Holding hands with a loved one can have a multitude of health benefits, according to a study published this week.
The report, published in Proceedings of the National Academy of Sciences, suggests that holding someone’s hand can reduce pain in either individual, steady the couple’s heart rates and even synchronise their brain waves.
Lead author Pavel Goldstein, a pain researcher at the University of Colorado Boulder, devised the experiment after the birth of his daughter. Realising that holding his wife’s hand during labour helped to ease the pain of childbirth, he wanted to test whether touch could also decrease pain in other circumstances.
A team of researchers at the University of Haifa tested 22 heterosexual couples who had been together for at least one year. The partners were subjected to three two minute scenarios – sitting in separate rooms, sitting together without physical contact and sitting together holding hands – while electroencephalography caps measured their brain activity.
They found that when the experiment was repeated, this time with scientists subjecting the women to mild heat pain on their arms, the women felt less pain if her partner was in the same room as her, and even less again if they had physical contact.
Pain is prevented by brainwave synchronicity in the alpha-mu band, a wave rhythm that is related to focused attention. This study, therefore, suggests that physical contact enhances this synchronicity, with brain-to-brain coupling promoting temporary analgesia – the inability to feel pain – in individuals.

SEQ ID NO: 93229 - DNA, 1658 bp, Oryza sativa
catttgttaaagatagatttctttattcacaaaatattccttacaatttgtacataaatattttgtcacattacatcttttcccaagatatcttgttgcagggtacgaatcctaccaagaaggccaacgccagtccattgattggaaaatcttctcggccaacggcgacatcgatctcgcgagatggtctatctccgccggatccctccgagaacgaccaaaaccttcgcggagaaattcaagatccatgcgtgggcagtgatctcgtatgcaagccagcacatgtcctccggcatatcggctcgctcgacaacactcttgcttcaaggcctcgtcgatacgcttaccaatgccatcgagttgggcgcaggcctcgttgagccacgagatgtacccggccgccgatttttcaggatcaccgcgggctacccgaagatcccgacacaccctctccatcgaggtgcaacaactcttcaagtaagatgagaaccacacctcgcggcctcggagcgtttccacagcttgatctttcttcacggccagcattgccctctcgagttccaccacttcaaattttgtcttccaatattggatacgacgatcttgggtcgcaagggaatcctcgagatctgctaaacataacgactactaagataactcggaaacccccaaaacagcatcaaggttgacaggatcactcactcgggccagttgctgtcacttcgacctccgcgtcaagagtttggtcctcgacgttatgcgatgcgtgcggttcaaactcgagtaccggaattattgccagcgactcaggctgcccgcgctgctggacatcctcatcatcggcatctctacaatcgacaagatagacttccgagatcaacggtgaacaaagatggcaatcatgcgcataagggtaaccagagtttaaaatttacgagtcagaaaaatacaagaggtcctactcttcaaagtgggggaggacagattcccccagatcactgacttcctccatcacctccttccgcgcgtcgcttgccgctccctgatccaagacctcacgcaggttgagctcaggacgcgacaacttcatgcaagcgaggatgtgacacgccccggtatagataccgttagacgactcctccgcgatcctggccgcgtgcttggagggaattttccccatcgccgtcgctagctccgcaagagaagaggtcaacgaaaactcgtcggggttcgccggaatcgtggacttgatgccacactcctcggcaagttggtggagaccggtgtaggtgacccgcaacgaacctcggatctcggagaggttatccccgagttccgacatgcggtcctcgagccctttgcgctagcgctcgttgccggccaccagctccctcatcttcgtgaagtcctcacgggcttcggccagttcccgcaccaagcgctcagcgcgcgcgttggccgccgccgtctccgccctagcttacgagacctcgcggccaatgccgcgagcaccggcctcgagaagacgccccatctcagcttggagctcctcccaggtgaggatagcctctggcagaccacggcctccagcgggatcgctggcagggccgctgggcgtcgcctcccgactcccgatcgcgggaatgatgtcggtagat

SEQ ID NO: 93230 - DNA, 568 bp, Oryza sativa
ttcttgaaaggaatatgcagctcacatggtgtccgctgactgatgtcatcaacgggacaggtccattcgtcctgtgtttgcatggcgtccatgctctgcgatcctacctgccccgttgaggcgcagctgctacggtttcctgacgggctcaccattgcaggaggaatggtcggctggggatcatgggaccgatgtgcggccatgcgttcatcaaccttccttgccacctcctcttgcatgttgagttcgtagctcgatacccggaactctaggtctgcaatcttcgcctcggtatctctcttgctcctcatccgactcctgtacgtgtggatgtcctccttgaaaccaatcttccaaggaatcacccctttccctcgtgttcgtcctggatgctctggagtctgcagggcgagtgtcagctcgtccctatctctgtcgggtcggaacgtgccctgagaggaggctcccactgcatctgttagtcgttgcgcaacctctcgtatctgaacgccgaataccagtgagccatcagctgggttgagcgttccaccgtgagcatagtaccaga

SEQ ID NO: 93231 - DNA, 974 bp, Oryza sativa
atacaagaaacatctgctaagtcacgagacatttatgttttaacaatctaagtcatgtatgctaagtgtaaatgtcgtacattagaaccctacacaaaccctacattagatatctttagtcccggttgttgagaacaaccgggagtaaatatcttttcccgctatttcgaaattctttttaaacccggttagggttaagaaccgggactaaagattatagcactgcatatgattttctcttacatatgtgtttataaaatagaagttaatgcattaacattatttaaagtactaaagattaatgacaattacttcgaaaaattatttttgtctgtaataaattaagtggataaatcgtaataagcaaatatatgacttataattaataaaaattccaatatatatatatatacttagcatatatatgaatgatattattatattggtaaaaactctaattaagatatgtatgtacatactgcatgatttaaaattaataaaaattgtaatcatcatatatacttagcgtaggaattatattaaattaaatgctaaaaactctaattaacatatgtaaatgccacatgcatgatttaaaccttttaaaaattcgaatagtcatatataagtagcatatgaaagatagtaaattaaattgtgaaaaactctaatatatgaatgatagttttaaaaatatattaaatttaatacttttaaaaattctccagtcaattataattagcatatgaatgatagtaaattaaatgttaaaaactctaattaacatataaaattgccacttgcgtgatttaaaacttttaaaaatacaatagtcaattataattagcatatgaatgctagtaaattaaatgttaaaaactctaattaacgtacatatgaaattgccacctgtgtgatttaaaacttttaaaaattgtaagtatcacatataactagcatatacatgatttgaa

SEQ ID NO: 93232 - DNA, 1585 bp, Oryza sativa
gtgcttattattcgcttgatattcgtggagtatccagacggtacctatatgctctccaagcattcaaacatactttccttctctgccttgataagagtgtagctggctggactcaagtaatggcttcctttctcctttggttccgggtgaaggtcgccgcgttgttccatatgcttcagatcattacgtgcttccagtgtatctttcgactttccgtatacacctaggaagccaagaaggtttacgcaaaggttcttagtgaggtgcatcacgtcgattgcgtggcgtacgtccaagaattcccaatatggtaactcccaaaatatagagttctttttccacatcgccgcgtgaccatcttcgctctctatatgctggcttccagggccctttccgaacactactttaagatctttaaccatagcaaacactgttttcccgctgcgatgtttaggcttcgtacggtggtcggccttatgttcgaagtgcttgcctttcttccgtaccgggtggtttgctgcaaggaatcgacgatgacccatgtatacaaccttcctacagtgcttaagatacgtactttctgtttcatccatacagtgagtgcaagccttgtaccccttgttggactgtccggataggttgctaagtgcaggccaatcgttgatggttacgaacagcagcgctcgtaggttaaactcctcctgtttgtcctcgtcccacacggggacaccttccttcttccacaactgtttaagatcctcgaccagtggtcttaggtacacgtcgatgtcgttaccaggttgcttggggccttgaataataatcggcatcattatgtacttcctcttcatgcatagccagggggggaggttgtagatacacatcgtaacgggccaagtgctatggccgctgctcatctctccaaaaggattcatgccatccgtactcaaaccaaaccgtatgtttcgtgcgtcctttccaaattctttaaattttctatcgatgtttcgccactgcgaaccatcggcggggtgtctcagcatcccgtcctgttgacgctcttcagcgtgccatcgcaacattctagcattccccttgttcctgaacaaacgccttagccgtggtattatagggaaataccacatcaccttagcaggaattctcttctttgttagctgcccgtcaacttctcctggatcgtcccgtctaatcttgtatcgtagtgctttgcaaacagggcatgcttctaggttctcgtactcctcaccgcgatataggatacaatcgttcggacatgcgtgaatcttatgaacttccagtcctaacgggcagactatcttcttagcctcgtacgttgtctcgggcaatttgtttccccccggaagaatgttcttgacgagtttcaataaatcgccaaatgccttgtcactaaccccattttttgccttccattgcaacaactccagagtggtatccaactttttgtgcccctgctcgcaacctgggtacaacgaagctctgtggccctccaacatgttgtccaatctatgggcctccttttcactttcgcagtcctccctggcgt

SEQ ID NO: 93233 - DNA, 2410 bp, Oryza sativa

This coupling, which appears to diminish the further apart the partners are from each other, thus proves that interpersonal contact can relieve a person from feeling pain.
As well as indicating that touch is a factor that can increase synchronisation between people, the study also suggests that the more empathy the pair have for each other, the greater the amount of interpersonal synchronisation, and therefore the great amount of pain that can be eased by touch alone.
This was proven by testing the empathy levels of the male partners, finding that the more empathy he exhibited, the more their brain activity synced and, therefore, the less pain she felt.
“You may express empathy for a partner’s pain, but without touch it may not be fully communicated,” Goldstein told Science Daily. “We have developed a lot of ways to communicate in the modern world and we have fewer physical interactions. This paper illustrates the power and importance of human touch.”
Other interpersonal synchronisation studies – the phenomenon in which people mirror the physiological behaviours of those they are with – have proven that this same type of contact-dependent synchronisation can been found in the respiratory systems, where the heart rates of couples begin to match with physical contact.
While this study did not test whether this phenomenon would occur between platonic pairings, do not underestimate the power of a hand hold.
Whether they’re a willing friend, flatmate, pet or, indeed, a romantic partner, it turns out this seemingly small gesture can have multiple health benefits, as well as making you feel all warm and fuzzy inside.
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